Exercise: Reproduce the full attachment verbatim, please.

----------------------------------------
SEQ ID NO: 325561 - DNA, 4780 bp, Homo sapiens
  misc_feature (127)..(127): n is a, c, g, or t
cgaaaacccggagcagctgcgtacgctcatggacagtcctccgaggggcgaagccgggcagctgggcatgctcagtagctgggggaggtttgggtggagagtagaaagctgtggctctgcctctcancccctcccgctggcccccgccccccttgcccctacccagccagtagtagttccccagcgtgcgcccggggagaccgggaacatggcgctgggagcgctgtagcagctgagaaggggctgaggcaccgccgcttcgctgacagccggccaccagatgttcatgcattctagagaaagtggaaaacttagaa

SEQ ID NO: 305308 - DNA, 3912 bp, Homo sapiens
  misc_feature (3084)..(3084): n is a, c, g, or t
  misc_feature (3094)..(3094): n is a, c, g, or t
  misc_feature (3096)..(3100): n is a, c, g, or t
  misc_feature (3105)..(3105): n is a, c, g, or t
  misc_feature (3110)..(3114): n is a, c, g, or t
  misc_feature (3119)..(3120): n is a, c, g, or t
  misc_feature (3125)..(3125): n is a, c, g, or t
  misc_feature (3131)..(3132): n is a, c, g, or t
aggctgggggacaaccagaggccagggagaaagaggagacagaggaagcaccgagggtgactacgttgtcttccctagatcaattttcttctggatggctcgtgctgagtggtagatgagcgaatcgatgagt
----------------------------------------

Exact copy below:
SEQ ID NO: 325561 - DNA, 4780 bp, Homo sapiens
  misc_feature (127)..(127): n is a, c, g, or t
cgaaaacccggagcagctgcgtacgctcatggacagtcctccgaggggcgaagccgggcagctgggcatgctcagtagctgggggaggtttgggtggagagtagaaagctgtggctctgcctctcancccctcccgctggcccccgccccccttgcccctacccagccagtagtagttccccagcgtgcgcccggggagaccgggaacatggcgctgggagcgctgtagcagctgagaaggggctgaggcaccgccgcttcgctgacagccggccaccagatgttcatgcattctagagaaagtggaaaacttagaa

SEQ ID NO: 305308 - DNA, 3912 bp, Homo sapiens
  misc_feature (3084)..(3084): n is a, c, g, or t
  misc_feature (3094)..(3094): n is a, c, g, or t
  misc_feature (3096)..(3100): n is a, c, g, or t
  misc_feature (3105)..(3105): n is a, c, g, or t
  misc_feature (3110)..(3114): n is a, c, g, or t
  misc_feature (3119)..(3120): n is a, c, g, or t
  misc_feature (3125)..(3125): n is a, c, g, or t
  misc_feature (3131)..(3132): n is a, c, g, or t
aggctgggggacaaccagaggccagggagaaagaggagacagaggaagcaccgagggtgactacgttgtcttccctagatcaattttcttctggatggctcgtgctgagtggtagatgagcgaatcgatgagt